News / Middle East

    Private Israeli-Palestinian Gas Deal Still Hostage to Politics

    FILE - A tanker loaded with fuel for Gaza enters the Kerem Shalom crossing between Israel and the southern Gaza Strip, April 4, 2012.
    FILE - A tanker loaded with fuel for Gaza enters the Kerem Shalom crossing between Israel and the southern Gaza Strip, April 4, 2012.
    Reuters
    A billion-dollar deal signed this month involving an Israeli natural gas field and a Palestinian power firm marked a rare private-sector victory over political conflict, but it may need top-level support to succeed.

    Palestinian officials say implementation will depend on guarantees by the governments of both sides, whose mutual distrust has grown amid troubled U.S.-backed peace talks.

    The deal's Palestinian backers say Israel has pledged that any future political or security crisis will not interrupt the gas supply. No such assurance has been made publicly, however.

    “There was a kind of guarantee from top levels in Israel ... that there would be a continuous flow of gas no matter what happens on the political front,” said Samir Huleileh, CEO of the Palestine Development and Investment Inc holding company.

    PADICO holds an 18 percent stake in the Palestine Power Generation Company (PPGC) at the center of the deal, which Huleileh said had received the guarantee from Israeli Prime Minister Benjamin Netanyahu's office less than a year ago.

    Netanyahu's office did not respond to a request for comment.

    Under the agreement, PPGC is to buy $1.2 billion of gas over 20 years from the U.S.-Israeli group developing the huge offshore Leviathan gas field.

    At a signing ceremony on January 5, Israeli billionaire Yitzhak Tshuva, whose Delek Group is a major stakeholder in Leviathan, hailed the deal as historic and said it would bolster peace efforts. Delek officials, however, declined to speak to Reuters on any Israeli political backing for the deal.

    Palestinian Deputy Prime Minister Mohammed Mustafa said his government looks favorably on the agreement, but that final approval would come only after it had seen the text of the contract and studied Israel's political commitments.

    The Palestinian Authority exercises limited rule in the occupied West Bank, captured by Israel in 1967 along with the Gaza Strip and East Jerusalem. The Palestinians want that land for a future state.

    Skepticism

    Palestinians in the West Bank now buy electricity from Israel. If the PPGC were to get Palestinian government approval for the gas deal and complete a planned $300 million power plant in the northern West Bank, it would give Palestinians greater control over their electricity supply.

    Some Palestinians oppose the deal, saying deeper economic ties with Israel runs counter to the quest for independence.

    “To assume that Israel will honor this agreement and will continue to deliver the gas for a whole generation is quite an assumption,” said independent economic analyst Nasser Abdul Kareem.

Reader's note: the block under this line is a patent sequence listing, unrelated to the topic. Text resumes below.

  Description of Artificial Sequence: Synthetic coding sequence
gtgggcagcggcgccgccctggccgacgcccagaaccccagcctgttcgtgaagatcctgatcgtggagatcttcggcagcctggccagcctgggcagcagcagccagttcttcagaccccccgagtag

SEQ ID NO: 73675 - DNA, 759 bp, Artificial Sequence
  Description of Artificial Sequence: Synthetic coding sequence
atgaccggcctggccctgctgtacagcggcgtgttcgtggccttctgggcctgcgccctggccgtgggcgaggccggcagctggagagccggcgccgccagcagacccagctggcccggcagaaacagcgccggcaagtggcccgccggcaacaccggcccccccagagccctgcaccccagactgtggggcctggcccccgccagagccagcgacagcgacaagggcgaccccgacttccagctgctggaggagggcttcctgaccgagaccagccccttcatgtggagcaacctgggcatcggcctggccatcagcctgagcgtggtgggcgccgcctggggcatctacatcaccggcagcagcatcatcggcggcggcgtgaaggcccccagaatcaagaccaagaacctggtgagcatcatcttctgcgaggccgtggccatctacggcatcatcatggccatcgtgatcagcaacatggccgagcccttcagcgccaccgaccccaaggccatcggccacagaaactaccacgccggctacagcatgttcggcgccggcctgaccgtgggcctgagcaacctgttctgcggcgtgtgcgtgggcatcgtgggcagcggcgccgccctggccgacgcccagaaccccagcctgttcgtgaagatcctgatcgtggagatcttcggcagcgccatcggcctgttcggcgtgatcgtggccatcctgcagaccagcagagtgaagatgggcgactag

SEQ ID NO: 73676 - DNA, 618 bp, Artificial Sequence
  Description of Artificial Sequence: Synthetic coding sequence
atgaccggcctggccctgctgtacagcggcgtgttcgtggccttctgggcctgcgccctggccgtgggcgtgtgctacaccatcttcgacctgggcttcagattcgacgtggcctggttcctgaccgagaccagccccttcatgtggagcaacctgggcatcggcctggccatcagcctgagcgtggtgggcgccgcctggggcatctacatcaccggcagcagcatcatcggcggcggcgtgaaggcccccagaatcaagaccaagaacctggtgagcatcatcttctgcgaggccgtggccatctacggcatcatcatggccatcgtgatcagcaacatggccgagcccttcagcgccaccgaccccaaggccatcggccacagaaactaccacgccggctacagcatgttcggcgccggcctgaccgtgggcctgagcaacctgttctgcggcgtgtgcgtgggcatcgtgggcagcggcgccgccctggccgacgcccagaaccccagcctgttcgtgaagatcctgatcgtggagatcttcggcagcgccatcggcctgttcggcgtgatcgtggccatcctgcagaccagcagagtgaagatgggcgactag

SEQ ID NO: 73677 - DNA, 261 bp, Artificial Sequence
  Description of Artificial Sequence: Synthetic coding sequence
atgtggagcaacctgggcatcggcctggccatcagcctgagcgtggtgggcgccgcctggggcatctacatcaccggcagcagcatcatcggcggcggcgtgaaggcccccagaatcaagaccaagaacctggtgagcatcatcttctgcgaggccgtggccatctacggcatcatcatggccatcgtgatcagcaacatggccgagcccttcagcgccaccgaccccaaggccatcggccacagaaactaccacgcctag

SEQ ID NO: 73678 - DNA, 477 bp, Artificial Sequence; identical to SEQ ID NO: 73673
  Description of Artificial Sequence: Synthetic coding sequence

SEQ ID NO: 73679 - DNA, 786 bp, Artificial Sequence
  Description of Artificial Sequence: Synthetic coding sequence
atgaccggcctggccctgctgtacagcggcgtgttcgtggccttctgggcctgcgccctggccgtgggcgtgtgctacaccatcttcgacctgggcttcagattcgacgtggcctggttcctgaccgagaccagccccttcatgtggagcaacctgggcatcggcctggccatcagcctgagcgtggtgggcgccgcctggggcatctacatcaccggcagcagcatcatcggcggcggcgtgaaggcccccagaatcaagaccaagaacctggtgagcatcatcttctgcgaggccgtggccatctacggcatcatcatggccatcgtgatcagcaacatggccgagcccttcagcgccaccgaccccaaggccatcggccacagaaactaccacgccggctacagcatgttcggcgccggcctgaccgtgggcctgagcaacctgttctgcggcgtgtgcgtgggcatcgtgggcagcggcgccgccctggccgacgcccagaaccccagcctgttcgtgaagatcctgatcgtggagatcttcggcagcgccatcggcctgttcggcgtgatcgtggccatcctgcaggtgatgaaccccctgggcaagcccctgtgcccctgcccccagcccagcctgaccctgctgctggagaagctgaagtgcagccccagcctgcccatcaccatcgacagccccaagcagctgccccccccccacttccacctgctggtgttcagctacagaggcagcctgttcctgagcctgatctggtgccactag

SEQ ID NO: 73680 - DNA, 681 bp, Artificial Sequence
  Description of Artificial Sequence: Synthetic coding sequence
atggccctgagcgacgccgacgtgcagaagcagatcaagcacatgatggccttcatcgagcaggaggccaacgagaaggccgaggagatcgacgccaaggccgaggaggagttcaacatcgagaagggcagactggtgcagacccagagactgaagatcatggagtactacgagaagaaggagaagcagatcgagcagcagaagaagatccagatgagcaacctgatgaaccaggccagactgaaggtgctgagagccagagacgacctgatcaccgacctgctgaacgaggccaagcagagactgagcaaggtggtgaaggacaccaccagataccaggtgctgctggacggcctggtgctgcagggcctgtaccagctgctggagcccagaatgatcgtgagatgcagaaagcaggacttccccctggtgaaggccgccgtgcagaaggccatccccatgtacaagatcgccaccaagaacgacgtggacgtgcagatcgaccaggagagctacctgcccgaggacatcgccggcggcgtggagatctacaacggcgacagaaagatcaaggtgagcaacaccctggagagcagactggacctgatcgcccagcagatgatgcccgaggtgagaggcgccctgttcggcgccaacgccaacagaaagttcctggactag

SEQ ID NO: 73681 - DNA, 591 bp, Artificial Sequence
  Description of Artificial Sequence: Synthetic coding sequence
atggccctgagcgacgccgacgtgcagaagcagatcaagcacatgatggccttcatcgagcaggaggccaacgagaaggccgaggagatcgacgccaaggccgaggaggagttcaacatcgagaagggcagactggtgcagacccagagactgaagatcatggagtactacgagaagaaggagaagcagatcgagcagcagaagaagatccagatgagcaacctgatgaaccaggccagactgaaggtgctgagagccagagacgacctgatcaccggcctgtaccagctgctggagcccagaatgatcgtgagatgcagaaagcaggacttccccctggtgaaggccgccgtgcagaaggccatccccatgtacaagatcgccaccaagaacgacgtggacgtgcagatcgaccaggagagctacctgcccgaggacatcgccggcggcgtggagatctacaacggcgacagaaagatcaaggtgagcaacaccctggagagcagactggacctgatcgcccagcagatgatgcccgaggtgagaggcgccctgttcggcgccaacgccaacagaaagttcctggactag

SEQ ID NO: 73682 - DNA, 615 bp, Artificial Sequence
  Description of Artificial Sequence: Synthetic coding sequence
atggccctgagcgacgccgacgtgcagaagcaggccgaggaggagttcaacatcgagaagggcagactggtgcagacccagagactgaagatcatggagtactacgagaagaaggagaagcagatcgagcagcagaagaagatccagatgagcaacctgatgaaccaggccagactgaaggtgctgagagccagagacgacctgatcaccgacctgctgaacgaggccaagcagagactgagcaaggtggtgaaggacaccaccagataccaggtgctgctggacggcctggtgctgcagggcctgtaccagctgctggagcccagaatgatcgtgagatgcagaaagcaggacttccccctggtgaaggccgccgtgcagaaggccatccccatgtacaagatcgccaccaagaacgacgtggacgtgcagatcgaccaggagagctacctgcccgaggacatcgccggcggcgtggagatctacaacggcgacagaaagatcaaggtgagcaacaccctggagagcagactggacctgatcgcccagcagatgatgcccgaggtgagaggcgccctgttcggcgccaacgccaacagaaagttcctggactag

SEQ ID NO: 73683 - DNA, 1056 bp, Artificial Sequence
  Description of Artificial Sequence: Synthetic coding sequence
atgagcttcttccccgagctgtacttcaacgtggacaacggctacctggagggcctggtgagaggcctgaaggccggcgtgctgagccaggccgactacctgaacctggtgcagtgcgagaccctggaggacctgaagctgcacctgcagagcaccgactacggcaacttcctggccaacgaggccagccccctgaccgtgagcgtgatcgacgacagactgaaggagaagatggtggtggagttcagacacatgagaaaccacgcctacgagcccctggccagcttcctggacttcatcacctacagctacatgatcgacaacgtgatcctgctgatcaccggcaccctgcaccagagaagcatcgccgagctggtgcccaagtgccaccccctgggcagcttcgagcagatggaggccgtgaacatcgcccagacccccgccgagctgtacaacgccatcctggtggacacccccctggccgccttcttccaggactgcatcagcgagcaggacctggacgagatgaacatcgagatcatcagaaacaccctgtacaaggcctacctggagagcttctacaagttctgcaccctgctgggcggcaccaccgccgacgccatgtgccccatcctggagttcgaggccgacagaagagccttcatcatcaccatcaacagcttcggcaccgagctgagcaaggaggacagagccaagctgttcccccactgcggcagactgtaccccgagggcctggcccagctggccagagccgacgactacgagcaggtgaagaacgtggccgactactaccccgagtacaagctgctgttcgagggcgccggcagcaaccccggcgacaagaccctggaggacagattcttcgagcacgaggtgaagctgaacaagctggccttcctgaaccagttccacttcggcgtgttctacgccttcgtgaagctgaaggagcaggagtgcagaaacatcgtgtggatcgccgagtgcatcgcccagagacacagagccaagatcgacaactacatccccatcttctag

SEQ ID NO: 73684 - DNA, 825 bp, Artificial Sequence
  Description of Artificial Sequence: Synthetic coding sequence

“We have to free our country and people first, not make deals between an occupier and the occupied. We need to be less dependent on Israel, look east, diversify our partners and investors, especially among the Arabs, not stay hostage to Israel,” he said.

    But according to Walid Salman, PPGC's chief executive, the Leviathan deal makes the most economic sense.

    “Commercially, the agreement is a win-win. What's in the mind of the Palestinian Authority and Israel is not my field,” he told Reuters, referring to possible political complications.

    “Palestine and Israel are neighbors - if you're going to get fuel, it's best is to get it from your neighbor not from overseas.”

    Salman, who is also a regional manager for Palestinian Consolidated Contractors Company (CCC), said progress was being made in negotiations with exploration companies for the development of an offshore Gaza gas field found in 1998.

    Gas from the field could generate net profit of $150 million a year from sales at home and abroad, Palestinian Prime Minister Rami Hamdallah said late last year.

    Officials have said a preliminary agreement between CCC and British Gas could lead to the start of production in 2017.

    You May Like

    Video London’s Financial Crown at Risk as Rivals Eye Brexit Opportunities

    City could lose its right to sell services tariff-free across the bloc, risking its position as Europe’s financial headquarters

    Turkey Aims New Crackdown at Journalists, Academics, Airline Workers

    Ankara continues targeting people allegedly linked to exiled cleric, who it says led the failed military coup

    Pakistan Ready to Inaugurate Rebuilt Afghan Border Crossing

    Construction of Torkham Gate triggered deadly clashes between Pakistani and Afghan military forces

    Featured Videos

    Your JavaScript is turned off or you have an old version of Adobe's Flash Player. Get the latest Flash player.
    London’s Financial Crown at Risk as Rivals Eye Brexit Opportunitiesi
    X
    VOA News
    July 25, 2016 5:09 PM
    By most measures, London rivals New York as the only true global financial center. But Britain’s vote to leave the European Union – so-called ‘Brexit’ – means the city could lose its right to sell services tariff-free across the bloc, risking its position as Europe’s financial headquarters. Already some banks have said they may shift operations to the mainland. Henry Ridgwell reports from London.